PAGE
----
My 3 Best Lenses For Concert Photography
There is no single best lens for live concert photography, but these are the three best lenses for beginning music photographers. Many other lenses could be selected, especially for pros on a big budget, working larger venues and shooting from a distance. But for the beginner who's mostly shooting local bands at clubs, parties, and small concerts, these should be the first three lenses you buy. And for most local shows, these are the only 3 lenses you will ever need.
For those who need to know, I used a Canon EOS 50D for most of my work, with a Canon Rebel XT for backup. I actually still have the XT and use it for my personal photography. It doesn't have a bazillion megapixels, but it doesn't really need them.
You don't need to upgrade your camera body every year. Save your money and upgrade your glass instead.
Who Am I To Offer Photography Advice?
My name is Chris Desatoff, and I had a photography business for a couple years (photocat808 llc). I mostly shot local punk, rock, and metal bands in Hawaii. I've probably fired off over 50,000 shots of musicians at parties, small clubs, big clubs (including Hard Rock Cafe Honolulu and the old Pipeline Cafe that was featured in an episode of Hawaii 5-0), and music festivals (the biggest I did was Cornerstone '98).
That doesn't mean I'm an expert or anything...not by a longshot. But I am able to talk about this from personal experience and not just from what I've read on the Internet. I was a working photographer. Bands were paying me to shoot them, and digital concert photography was my thing.
I've had over 100 photos published, more than half of those were spread over several issues of HM Magazine, which boasted national circulation. Hard Rock even used one of my shots in their annual corporate mag (so I've heard...I never actually received a copy).
I also did a CD cover for The 86 List. Man, that shot came out pretty good! =)
So, you know, I'm not the best by a long shot, but I am an actual photographer -- not just some poser freelance writer with no experience making crappy Internet articles to try to sell stuff on Amazon.
These were my main lenses, and if I went back to shooting bands, these are the lenses you'd find in my gig bag.
Sigma 18-50mm f/2.8 Macro
Sigma 18-50mm Macro
This lens right here was my workhorse. The Sigma 18-50 makes a great multi-purpose lens. It focuses fast and tight. Since it's a macro, minimum focusing distance is never really an issue. The lens is heavy. I mean, it's a pro lens with continuous f/2.8 aperture (wide open). But you get used to it. In fact, after a while all other lenses feel like cheap toys in comparison.
You will love this lens.
This lens is good for just about everything, and you'll likely find yourself using it for all your photography -- not just the concert stuff. The focal range is almost exactly the same as your standard kit lens (18-55mm), so it's pretty versatile. But that super-close focusing distance makes for some fun shots.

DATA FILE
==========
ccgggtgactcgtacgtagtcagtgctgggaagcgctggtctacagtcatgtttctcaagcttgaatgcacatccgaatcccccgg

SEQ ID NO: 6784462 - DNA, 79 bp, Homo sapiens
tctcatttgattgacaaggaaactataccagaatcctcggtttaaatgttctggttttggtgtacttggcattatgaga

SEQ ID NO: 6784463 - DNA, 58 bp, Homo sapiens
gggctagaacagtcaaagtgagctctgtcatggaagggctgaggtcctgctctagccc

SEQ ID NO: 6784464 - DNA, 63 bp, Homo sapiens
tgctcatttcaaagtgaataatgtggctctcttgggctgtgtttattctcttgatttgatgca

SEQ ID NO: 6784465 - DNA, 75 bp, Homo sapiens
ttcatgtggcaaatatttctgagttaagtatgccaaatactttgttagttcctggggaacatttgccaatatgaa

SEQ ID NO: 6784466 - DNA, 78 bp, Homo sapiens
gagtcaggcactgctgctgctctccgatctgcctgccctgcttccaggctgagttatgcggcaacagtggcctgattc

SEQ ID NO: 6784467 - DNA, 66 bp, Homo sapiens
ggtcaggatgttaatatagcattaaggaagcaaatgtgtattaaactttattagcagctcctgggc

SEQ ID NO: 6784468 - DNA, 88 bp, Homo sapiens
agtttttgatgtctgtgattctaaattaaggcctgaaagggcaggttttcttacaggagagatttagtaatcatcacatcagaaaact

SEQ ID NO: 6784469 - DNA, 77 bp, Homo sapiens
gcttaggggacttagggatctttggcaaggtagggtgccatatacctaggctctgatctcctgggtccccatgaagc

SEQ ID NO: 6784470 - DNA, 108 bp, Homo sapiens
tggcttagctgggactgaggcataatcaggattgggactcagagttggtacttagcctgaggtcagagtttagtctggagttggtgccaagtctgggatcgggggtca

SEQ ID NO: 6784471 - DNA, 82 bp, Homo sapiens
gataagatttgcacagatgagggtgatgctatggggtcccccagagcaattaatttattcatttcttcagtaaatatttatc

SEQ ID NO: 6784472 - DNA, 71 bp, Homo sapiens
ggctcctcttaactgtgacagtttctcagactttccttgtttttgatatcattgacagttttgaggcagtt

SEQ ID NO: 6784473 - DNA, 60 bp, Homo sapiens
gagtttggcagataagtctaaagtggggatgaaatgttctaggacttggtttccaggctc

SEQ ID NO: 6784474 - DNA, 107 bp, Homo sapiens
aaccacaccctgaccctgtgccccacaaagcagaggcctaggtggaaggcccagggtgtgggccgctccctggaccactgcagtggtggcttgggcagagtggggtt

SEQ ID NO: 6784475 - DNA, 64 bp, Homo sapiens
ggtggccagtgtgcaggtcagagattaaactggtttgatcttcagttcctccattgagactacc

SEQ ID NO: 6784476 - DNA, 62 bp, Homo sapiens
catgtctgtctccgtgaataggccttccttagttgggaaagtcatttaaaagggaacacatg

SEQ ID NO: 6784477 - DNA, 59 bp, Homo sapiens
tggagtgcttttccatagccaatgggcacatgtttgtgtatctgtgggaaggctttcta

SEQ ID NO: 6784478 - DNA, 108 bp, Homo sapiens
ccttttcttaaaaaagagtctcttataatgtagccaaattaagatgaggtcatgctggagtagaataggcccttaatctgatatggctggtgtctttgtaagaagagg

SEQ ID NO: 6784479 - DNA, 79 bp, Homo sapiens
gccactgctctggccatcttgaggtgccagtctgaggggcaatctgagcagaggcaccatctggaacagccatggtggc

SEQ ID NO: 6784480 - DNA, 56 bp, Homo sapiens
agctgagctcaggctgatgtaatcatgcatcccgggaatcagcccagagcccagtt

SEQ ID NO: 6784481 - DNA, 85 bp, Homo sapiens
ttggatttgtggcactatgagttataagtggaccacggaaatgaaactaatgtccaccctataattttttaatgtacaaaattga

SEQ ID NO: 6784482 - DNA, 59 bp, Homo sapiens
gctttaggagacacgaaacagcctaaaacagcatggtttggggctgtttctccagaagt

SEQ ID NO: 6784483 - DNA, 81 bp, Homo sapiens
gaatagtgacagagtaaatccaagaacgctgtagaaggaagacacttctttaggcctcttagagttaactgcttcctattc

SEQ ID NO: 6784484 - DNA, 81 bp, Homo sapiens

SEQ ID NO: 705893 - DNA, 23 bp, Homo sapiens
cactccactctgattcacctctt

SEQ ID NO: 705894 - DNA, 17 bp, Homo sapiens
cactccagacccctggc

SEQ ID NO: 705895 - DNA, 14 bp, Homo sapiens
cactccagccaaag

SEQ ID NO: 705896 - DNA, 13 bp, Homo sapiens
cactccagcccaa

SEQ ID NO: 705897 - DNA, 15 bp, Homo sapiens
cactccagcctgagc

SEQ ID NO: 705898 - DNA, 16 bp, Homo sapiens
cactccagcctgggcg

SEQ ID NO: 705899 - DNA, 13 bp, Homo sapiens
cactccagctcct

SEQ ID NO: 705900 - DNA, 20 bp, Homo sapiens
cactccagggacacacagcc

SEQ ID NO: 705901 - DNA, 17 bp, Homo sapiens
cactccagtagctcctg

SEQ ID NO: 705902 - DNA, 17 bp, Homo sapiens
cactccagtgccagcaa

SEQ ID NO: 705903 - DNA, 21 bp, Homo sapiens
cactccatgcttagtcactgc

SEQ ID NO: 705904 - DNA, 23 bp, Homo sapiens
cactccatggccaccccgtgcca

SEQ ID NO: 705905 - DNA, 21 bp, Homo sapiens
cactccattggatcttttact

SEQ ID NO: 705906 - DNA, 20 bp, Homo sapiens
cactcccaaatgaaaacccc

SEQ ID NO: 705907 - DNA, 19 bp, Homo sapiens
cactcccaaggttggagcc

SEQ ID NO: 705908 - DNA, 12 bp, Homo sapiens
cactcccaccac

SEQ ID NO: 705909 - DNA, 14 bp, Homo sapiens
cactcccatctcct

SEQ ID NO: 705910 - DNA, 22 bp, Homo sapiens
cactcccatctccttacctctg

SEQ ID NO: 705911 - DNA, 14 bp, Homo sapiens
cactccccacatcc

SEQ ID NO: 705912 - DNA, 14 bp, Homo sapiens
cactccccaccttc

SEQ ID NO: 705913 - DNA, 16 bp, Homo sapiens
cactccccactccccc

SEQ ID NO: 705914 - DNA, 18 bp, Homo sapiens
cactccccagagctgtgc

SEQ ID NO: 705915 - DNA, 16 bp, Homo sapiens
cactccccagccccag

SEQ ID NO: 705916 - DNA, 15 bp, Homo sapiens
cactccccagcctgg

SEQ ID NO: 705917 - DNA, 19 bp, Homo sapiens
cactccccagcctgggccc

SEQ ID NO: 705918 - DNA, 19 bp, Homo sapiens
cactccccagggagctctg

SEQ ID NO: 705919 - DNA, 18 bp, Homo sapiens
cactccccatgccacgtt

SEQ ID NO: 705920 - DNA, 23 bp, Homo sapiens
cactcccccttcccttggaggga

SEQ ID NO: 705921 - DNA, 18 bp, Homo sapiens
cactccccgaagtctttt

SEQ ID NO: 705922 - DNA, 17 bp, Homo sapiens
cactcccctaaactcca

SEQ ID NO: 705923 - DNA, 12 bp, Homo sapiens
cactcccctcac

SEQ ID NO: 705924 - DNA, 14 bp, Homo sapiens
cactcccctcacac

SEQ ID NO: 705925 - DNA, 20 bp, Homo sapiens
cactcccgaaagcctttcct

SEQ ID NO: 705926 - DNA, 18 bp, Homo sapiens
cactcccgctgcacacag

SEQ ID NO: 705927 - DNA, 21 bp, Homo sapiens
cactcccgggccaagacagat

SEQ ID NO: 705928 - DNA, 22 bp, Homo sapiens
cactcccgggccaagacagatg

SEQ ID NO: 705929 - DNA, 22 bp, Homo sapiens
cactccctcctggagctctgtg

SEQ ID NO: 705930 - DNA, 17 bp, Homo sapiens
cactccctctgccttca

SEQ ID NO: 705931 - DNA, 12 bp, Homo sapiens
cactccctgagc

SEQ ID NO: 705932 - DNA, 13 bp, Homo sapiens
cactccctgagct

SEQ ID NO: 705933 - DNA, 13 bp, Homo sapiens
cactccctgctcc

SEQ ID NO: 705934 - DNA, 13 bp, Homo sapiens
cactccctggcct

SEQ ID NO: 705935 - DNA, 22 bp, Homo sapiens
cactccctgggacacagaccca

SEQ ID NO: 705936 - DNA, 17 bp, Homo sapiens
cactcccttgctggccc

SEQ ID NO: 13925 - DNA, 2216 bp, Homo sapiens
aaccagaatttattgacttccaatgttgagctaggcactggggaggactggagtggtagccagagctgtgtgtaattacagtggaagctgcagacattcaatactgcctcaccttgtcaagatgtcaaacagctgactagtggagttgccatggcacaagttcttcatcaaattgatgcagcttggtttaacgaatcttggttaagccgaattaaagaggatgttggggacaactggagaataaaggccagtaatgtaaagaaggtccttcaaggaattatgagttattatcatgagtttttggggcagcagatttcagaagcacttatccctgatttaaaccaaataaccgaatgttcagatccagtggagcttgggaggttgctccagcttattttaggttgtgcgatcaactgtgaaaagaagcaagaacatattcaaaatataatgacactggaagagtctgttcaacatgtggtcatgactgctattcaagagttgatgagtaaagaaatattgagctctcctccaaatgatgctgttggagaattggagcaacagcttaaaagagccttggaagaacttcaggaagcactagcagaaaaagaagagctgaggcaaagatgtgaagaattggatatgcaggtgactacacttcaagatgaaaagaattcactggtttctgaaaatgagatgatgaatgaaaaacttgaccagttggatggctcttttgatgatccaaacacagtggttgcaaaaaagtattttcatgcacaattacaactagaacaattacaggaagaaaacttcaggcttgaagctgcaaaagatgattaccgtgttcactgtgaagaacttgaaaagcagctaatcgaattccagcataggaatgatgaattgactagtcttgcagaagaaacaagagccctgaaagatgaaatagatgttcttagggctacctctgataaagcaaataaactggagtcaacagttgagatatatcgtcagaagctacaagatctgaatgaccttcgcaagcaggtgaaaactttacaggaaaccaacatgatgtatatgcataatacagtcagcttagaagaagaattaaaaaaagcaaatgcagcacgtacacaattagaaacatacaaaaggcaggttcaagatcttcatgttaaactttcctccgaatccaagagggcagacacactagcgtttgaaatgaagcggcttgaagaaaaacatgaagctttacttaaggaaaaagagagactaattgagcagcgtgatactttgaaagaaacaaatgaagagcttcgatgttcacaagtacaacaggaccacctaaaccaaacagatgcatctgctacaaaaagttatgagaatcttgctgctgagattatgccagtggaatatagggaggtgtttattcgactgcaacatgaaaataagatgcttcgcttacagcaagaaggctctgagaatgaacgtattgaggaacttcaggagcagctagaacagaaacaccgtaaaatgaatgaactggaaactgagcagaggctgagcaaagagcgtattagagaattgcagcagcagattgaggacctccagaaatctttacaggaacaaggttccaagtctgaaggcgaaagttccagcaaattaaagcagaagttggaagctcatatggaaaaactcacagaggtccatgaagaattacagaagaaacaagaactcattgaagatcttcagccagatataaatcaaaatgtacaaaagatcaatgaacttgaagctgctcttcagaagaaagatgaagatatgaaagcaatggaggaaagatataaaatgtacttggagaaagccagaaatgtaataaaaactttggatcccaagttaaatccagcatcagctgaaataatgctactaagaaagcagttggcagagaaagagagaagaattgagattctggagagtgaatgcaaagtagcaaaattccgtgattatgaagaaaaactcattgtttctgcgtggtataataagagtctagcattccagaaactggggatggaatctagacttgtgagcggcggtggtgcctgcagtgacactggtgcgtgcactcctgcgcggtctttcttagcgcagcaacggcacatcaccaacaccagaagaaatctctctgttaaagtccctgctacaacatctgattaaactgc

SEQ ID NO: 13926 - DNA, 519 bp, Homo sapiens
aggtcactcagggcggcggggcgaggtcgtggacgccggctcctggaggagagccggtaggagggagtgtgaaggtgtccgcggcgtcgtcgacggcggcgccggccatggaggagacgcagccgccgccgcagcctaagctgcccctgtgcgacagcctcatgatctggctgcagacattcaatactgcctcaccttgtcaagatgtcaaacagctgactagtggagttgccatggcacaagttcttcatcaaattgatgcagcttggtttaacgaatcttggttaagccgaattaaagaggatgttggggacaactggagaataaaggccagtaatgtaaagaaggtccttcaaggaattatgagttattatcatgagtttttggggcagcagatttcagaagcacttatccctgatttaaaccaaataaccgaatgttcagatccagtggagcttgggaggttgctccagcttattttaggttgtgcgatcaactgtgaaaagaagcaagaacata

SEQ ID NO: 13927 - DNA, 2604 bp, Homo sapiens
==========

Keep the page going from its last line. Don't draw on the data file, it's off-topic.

Even though I haven't done concert photography since 2010, I still use this as my primary lens to this day.
Canon 15mm f/2.8 Fisheye
Canon 15mm Fisheye
This lens produced my signature shots. I loved working up close and personal with local musicians. Most of the guys I shot let me get right up in there on stage with them for at least a song or two, if not the whole damn set.
That's what I loved about punk bands -- about being in a punk band in my youth and about shooting punk bands in my...non-youth -- there's no hierarchy...no untouchable, celebrity rock stars with security tackling fans who get too close. Half the time there wasn't even a stage. It's just you and me and 100 of our closest friends slamming up against each other, having a good time.
Anyway, this fisheye was an old one that I bought back in my 35mm film days. This model is designed for full-frame cameras, so when the new digital models all came out, I was delighted that it would still work with the new gear (God bless EOS).
Since most of the newer digital cameras have cropped sensors, you lose the periphery of your lens' field of view. With the fisheye, what this did was to make the bubble effect less pronounced. So now it's a subtle fisheye effect, which actually provided a pretty unique look to my photos. Add to that the fact that I would shoot from much closer up than most of the other guys I'd rub elbows with...and I had my own style.
I'd plant that fisheye right up on the drums, literally under the hi-hat. Then I'd get right off to the bassist's right side and the lens would be practically rubbing right up against the bass' volume and tone knobs. Add in bounce flash off the low ceilings in the small clubs, and I was a happy camper.
Canon EF 50mm f/1.8 II
Canon Fast Fifty
You gotta have at least one fast lens to really call yourself a photographer, right? And the 50mm is a classic first pro lens. Just get the f/1.8. It's way cheaper than the f/1.4 and way WAY cheaper than the f/1.2. I've had both the 1.4 and 1.8, and I'd be perfectly satisfied with just the 1.8 again.
I played around with a doubler on my 50 in the past, but it's not really that great. Just save your money and get a longer lens when the time is right.
This article and the accompanying photos are copyright Christopher Desatoff 2013. Just so ya know...